D: Actually, I got my associate here and finished up in California in business

management.

W: So do you now work in business?

D: No, I am an associate pastor of a church here in Gainesville called Dove World

Outreach Center.









W: I just met you here on the Plaza with you presentation. Could you tell me a little

bit about why you come here to the Plaza and about what you were doing here

today?



D: I was invited here as a guest speaker by Intervarsity who puts on this passion

play, or reenactment of the crucifixion that starts at the Reitz Union and 12:30

with a mock trial of Jesus Christ and then he carries the cross across campus

through Turlington over to the Plaza of the Americas where they put him up on

the cross and reenact the crucifixion. I do not know how long they have been

doing it. I guess I have seen them do it for the last four or five years and I usually

come out and watch it. I enjoy it. I does me a lot of good just as a Christian to

see and to feel some of the emotions. Every year I come out here it is just a

great even for me. Like today, I think I experienced it in a way different than I

ever have before. Just feeling a little more of what Jesus felt and what his

followers felt as the people were yelling and hurting him, I guess I just kind of felt

some of the pain that he felt knowing that he had the ability to stop all that and

just doing it because of love. I guess I felt today more of the love of God for me,

extended toward me as I watched it happened. I was just really privileged to be

a part of it and they asked me to share so I shared a little bit of the gospel after

the enactment is done. That is basically where they leave it and they ask

somebody to come and kind of bring it to a close. So I just shared basically what

happens after that, after he dies on the cross, and that is that he is put in the

grave but they come looking for him in three days and he is gone because he is









raised from the dead. He is alive today. That is the good news, not that he died

on the cross. If it ended there, it would be bad news. But the good news is that

he is alive and that he is relevant today to our lives and I found that out I guess a

little over twenty years ago in about 1975. I was raised in a church buy I had

never made Jesus my Lord. I knew that he was the Son of God, but he did not

control my life, I controlled my life. Then about twenty years ago, I realized that

he loved me and that broke my heart to realize the kind of life I was living and

that he still loved me. I decided I was going to live for God from that time forth

and I did and went into the ministry a few years ago and I just enjoy coming out

here on the campus and trying to reach students. When I first started at the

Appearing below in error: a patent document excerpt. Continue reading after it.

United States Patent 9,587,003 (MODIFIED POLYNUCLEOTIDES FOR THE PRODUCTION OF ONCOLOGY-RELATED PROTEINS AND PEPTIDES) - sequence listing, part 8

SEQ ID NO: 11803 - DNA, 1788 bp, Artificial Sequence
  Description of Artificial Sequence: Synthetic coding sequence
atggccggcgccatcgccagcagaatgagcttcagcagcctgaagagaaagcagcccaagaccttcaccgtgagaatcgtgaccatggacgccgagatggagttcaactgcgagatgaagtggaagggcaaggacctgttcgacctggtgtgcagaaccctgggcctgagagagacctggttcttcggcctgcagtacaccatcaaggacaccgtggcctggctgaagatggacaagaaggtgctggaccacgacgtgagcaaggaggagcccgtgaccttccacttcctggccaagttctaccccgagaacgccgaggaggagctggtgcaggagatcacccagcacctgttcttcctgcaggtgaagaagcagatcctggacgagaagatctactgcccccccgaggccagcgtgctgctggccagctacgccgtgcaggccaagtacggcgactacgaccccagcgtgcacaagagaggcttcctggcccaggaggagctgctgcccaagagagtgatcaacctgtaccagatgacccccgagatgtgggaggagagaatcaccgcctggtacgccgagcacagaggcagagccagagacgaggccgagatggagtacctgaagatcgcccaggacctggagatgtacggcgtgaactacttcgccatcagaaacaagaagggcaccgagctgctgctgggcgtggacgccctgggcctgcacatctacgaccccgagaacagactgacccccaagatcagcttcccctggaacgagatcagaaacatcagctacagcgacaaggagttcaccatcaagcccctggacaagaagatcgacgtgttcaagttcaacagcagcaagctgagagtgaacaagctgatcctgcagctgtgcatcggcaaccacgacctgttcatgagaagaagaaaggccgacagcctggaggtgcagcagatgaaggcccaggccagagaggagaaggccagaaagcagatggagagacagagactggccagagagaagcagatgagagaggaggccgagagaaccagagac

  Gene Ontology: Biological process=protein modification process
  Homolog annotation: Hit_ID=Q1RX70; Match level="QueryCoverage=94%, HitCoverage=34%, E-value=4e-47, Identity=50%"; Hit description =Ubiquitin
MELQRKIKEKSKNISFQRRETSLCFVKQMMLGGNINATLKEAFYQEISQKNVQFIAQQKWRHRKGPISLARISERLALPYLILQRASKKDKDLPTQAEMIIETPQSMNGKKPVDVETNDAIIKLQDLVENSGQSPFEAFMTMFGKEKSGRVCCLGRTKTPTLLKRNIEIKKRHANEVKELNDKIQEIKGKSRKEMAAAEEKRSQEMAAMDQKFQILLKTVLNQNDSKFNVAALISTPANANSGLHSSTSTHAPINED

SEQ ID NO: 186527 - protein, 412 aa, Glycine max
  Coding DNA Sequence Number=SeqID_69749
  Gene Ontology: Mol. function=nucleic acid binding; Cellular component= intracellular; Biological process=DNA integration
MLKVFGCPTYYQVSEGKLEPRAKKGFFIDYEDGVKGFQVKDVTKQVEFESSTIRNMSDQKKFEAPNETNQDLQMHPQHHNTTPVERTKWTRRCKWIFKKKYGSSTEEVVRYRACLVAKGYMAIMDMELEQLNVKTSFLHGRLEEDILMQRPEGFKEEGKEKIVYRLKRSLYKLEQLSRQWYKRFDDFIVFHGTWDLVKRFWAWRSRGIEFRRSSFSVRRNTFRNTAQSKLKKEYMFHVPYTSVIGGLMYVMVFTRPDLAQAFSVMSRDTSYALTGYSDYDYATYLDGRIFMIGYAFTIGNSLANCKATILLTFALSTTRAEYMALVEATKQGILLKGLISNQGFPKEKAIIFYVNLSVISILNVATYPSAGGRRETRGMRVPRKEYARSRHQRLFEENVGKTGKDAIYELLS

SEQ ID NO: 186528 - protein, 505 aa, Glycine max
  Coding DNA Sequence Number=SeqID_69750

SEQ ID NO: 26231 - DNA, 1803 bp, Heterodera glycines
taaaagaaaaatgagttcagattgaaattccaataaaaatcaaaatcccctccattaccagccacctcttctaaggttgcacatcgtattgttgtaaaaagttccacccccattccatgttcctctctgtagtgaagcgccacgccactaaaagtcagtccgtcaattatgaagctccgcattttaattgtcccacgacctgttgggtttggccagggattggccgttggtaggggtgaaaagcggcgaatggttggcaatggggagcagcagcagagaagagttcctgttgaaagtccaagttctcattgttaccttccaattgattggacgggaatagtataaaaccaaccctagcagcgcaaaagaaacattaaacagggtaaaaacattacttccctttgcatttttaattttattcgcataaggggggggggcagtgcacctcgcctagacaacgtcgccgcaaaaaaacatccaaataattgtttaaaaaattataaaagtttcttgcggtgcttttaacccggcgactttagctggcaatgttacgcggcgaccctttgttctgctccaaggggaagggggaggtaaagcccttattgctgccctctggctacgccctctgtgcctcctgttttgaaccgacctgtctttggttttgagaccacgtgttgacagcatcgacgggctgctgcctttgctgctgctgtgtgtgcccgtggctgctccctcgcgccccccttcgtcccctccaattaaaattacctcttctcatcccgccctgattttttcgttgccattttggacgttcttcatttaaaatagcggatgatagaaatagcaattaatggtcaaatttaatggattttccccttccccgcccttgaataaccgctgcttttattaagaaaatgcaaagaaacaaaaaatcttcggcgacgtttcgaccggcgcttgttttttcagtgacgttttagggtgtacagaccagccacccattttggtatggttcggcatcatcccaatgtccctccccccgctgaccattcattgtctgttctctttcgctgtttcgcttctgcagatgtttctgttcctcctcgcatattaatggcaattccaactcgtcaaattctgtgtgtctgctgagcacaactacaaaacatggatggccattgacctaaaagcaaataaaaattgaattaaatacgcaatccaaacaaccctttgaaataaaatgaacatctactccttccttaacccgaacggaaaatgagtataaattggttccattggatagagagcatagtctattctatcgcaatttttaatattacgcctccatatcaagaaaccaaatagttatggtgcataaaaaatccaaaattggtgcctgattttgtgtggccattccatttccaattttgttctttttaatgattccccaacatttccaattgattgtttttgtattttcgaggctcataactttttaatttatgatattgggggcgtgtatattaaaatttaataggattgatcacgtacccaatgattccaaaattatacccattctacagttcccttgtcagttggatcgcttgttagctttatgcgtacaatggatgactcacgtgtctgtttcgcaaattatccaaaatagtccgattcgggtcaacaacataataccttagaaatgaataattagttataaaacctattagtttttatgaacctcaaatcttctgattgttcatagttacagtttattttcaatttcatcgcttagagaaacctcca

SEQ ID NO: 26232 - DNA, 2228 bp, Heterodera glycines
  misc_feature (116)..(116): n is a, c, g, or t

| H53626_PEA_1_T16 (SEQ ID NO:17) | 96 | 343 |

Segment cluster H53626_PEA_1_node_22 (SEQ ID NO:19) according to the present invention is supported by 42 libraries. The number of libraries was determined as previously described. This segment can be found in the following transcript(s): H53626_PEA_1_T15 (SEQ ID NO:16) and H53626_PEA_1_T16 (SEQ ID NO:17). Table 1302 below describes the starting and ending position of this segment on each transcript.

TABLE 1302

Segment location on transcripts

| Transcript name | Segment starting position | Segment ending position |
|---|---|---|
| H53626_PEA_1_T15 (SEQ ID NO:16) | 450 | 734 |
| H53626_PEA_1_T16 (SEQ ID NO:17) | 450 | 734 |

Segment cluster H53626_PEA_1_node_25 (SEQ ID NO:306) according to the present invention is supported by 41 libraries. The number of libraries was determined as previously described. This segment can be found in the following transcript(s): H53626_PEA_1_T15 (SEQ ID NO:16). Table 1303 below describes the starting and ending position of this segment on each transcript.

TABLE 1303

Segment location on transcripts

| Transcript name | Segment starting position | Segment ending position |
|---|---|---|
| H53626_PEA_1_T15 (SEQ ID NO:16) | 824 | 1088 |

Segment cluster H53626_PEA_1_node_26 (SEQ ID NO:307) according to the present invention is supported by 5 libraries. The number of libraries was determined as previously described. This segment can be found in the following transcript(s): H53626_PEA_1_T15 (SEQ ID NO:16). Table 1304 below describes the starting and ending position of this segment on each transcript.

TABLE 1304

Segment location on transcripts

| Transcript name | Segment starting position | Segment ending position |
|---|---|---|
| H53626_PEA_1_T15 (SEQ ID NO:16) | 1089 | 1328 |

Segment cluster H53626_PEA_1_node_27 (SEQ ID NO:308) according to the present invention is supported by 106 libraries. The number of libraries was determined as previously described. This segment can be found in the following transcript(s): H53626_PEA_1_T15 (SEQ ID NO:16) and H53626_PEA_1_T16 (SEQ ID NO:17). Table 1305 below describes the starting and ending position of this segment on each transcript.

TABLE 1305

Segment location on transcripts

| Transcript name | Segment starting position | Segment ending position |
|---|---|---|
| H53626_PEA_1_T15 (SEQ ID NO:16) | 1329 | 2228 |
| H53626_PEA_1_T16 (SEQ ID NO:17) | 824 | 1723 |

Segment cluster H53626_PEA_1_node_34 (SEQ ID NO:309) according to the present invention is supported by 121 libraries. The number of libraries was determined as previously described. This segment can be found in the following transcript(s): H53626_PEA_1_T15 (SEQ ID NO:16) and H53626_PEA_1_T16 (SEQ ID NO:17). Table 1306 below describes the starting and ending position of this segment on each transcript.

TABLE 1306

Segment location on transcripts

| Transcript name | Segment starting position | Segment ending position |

University of Florida I was not a Christian. At that time, 1972, Playboy magazine

rated University of Florida the number one party school in the nation and I

wanted to be at the number one party school in the nation and that was all I was

interested in. I was not interested in Jesus Christ. I went to church on Sundays

but I was not interested in him having a part in my life.

So you were taking part in the partying of UF?

Yes, yes. The typical student, I guess. The average student, you know, doing

the drug scene, the drinking scene, doing the partying and running around. It

seemed like it was a good time. When I realized that God loved me, I realized

that those things were offending God. I knew that if I continued to do that, that I

would not be able to have a relationship with God and I wanted to have a

relationship with God. I realized that it was not that God wanted to spoil my fun,

but God loved me and he wanted me to be happy. Those things were not









bringing me happiness because no matter how much all that party scene and

drugs and alcohol that you got, it never was enough; it faded away the next day

and you were back at it again. I never had peace inside of me, I was always

looking for peace on the outside, trying to get it. But I found that when I invited

Jesus into my heart and made him Lord that I did not have to run around looking

for peace and joy and love, that I had it living inside of me. I actually had some

to give to other people. That is why I am out here today, to share that with other

people.

W: Did you come out onto the Plaza of the Americas during that time that you were a

student participating in the activities? Have there always been preachers that

have been out here?

D: Yes. I do not remember seeing a lot of preachers. I remember the Giddeons

were out one day passing out Bibles. They were kind of standing in the pathway

and I remember them giving me one of those little green Bibles. I never read it,

but I kind of carried it around like maybe it will keep me from having an accident

or something like that. I am sure that was not why they were passing it out, as a

good luck charm, they wanted me to read it. But after I did have that experience

with God, I did begin to read it and I am glad that they did give it to me. I

remember back in 1972 and 1973 and thereabouts, it seemed to me, I think it

was around Halloween or maybe it was around Gator Growl, this place was just a

wild place. They used to have this all-night orgy over here and I remember, what

did they call it?

W: Halloween Ball.









D: Halloween Ball. I remember coming here and this whole Plaza was just shoulder

to shoulder with people and every imaginable thing that could happen on the

earth was happening on this Plaza at that time. I was a hearty participant of it.

So, it is quite a change.

W: So you see a big change then, from then until today, and what kinds of activities